perfectly optimised product page seoA good example of a perfectly optimised product page from Next. Notice the optimised product name, in-depth product description, customer reviews section and internal links to related products you want to pair the dress with.

Avoid using standard manufacturer product descriptions. Also, when incorporating keywords in your product and category descriptions, avoid keyword stuffing your content.

Internal linking is key in spreading link value. Link from your key pages to deeper categories & products. When linking, you should use optimised anchor texts and always link to the canonical and indexable URL. Use internal linking to support top SEO focused content.

Internal Link Optimisation

Duplicate Content – Index Control

Duplicate content can be really annoying. It’s important to ensure only the right pages get indexed in Google. Let’s look at some of the common ways to handle duplication;

  • Create unique product & category descriptions and header optimisations.
  • Noindex when appropriate: Add this within the <head> section of your page if you want the page to be non-indexable – <meta name="robots" content="noindex">.
    • Another alternative is to use the X-Robots-Tag HTTP header in your Apache .htaccess file to noindex pages. Very common in handling PDF indexation.
      <FilesMatch ".pdf$">
      Header set X-Robots-Tag "noindex, nofollow"
      </FilesMatch>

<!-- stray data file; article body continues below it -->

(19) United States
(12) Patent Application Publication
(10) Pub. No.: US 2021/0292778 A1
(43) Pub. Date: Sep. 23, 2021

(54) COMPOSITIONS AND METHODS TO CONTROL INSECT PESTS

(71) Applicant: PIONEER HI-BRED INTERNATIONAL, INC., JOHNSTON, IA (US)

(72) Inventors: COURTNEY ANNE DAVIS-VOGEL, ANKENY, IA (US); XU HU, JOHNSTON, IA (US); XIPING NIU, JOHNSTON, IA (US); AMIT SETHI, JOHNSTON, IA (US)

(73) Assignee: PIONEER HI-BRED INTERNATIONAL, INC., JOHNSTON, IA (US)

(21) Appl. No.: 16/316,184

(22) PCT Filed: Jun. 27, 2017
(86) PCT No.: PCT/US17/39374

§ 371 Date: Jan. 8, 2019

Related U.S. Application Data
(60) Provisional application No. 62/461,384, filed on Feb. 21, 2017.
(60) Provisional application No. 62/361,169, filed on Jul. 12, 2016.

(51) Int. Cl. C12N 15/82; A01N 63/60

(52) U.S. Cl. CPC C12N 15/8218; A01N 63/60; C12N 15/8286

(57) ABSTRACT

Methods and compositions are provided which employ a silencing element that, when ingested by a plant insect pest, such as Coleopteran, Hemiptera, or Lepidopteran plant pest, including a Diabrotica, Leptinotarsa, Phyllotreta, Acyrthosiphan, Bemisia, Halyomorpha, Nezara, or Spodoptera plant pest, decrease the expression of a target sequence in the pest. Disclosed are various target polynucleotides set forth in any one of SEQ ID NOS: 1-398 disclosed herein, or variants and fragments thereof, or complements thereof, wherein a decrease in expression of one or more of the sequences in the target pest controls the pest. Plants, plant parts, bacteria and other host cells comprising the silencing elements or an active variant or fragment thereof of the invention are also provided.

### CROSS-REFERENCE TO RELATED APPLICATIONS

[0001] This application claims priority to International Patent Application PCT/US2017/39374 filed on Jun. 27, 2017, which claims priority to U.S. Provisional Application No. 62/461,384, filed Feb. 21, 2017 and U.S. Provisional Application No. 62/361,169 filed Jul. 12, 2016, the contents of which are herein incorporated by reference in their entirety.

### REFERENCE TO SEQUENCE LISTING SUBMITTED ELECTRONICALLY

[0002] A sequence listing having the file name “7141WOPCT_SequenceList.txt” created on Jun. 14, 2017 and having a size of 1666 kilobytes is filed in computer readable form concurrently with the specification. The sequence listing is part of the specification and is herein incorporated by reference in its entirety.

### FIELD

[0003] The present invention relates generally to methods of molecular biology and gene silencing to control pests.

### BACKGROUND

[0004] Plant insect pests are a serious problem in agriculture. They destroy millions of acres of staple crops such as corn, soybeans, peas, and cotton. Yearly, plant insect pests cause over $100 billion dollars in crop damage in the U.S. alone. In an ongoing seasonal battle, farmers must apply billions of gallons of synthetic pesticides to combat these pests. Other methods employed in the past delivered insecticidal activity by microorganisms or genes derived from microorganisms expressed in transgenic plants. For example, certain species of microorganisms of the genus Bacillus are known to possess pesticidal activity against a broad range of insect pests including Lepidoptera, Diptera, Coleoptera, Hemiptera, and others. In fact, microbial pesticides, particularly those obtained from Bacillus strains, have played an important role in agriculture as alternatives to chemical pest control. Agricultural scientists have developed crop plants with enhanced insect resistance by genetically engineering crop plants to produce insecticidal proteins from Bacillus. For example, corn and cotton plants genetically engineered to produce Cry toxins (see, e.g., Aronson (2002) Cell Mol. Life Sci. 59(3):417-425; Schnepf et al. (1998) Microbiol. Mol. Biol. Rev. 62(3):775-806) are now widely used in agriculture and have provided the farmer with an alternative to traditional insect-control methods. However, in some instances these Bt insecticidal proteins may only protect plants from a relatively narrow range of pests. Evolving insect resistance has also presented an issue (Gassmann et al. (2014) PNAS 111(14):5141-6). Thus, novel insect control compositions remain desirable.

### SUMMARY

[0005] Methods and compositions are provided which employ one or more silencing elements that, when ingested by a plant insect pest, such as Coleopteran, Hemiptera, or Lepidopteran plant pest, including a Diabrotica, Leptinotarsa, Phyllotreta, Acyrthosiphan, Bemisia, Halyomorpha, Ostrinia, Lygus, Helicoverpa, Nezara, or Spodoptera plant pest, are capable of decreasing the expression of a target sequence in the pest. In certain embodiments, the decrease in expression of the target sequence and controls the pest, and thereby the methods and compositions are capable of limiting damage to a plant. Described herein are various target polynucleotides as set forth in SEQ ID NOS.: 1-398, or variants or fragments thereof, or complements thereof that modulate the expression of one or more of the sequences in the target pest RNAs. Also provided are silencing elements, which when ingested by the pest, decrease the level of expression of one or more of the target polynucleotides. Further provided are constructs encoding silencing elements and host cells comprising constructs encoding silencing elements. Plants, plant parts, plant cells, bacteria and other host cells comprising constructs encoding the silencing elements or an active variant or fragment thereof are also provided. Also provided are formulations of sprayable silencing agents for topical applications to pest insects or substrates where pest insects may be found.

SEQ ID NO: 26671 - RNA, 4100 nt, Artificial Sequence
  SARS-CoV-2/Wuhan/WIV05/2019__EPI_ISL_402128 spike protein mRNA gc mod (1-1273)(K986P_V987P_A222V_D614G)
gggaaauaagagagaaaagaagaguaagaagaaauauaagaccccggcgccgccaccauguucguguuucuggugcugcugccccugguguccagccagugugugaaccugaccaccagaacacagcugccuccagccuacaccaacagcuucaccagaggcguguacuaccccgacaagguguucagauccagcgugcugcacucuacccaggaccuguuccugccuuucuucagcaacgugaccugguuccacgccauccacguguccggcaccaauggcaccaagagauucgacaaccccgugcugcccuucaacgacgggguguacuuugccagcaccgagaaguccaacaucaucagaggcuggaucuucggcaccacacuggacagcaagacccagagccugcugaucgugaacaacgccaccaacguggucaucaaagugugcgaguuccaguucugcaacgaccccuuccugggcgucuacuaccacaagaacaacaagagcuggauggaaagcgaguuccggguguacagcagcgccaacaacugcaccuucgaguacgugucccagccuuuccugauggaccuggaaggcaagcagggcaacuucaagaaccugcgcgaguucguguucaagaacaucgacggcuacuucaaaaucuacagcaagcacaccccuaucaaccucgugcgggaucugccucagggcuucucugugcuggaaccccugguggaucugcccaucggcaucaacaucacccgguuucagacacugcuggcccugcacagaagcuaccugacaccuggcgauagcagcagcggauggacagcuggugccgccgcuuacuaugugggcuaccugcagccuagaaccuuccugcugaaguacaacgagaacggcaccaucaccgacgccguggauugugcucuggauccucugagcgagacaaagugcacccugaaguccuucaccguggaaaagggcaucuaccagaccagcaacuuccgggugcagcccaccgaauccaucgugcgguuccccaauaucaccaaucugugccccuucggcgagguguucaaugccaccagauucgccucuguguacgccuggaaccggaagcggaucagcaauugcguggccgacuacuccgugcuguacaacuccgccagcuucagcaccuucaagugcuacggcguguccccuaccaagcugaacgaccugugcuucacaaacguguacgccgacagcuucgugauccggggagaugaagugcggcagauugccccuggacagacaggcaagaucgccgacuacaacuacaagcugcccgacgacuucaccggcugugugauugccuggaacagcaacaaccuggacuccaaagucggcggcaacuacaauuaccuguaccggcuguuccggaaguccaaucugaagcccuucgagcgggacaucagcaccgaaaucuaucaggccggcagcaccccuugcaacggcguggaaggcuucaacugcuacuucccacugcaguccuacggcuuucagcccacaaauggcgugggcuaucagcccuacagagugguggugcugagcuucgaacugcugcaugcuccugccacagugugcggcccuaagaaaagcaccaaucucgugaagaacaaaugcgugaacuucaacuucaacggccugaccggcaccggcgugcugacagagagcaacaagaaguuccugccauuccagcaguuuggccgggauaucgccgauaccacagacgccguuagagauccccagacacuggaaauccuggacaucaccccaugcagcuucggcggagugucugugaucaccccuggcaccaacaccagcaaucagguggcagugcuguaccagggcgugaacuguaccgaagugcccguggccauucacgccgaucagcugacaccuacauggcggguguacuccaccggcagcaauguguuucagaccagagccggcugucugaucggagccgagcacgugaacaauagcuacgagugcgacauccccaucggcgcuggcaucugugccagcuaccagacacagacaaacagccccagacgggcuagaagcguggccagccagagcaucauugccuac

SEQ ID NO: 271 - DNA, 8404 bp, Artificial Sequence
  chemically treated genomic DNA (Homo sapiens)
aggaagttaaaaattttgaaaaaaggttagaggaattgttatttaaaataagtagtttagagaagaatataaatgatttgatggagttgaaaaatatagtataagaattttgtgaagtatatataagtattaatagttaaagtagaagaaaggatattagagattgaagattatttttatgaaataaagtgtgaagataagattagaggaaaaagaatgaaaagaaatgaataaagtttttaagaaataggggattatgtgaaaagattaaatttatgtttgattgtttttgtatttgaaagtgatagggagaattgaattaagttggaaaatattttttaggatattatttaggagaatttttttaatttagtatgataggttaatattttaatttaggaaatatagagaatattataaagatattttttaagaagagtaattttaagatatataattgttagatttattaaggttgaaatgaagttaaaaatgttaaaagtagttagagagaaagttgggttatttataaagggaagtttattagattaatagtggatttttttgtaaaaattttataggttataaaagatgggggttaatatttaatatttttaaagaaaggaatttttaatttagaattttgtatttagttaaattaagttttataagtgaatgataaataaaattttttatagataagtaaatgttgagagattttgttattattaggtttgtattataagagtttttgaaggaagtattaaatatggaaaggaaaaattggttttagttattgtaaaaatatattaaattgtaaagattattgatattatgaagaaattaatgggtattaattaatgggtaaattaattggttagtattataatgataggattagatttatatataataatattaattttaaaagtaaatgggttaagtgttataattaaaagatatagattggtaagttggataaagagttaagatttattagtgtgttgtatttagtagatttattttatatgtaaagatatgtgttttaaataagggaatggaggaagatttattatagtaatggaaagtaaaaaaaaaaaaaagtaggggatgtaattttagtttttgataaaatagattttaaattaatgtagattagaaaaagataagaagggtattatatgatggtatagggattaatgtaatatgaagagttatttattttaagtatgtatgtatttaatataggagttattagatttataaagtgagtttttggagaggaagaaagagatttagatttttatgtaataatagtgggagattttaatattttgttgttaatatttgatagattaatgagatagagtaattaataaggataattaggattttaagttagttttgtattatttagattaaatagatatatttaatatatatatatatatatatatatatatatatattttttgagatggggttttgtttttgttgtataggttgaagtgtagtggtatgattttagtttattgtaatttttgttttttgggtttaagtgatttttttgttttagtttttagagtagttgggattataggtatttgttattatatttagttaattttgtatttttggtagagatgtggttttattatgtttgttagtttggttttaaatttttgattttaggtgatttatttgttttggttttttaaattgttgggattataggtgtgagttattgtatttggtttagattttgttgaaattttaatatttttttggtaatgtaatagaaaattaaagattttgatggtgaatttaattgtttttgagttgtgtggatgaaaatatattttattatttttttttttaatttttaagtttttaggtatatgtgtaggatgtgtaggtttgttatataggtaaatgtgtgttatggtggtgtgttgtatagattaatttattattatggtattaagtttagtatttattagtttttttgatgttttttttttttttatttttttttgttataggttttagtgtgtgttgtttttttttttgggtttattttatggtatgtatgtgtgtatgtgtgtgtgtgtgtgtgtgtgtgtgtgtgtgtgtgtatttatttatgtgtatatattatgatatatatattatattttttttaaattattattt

• Have a canonical strategy in place to consolidate pages. Your duplicate pages must canonicalise to the primary preferred URL. Add this within the <head> section of your duplicate page – <link rel=“canonical” href=“primary_url”>.
  • Use proper pagination (link this to the pagination section of the tutorial).
  • Near-identical products (which just differ by size or colour) can cause duplication issues. Canonicalise the duplicate products to the primary product if the product descriptions are identical.
  • www versus non-www, trailing slash resolution: If you have a preferred version (either URL with www or non-www), 301 redirect the duplicate to the preferred version. Similarly, if you have a preferred URL version between non-trailing slash versus trailing slash version of the URL, 301 redirect the duplicate to the preferred version.

Invest in unique content to protect yourself from the Panda. Indexing thin content pages can also result in a Google Panda penalty.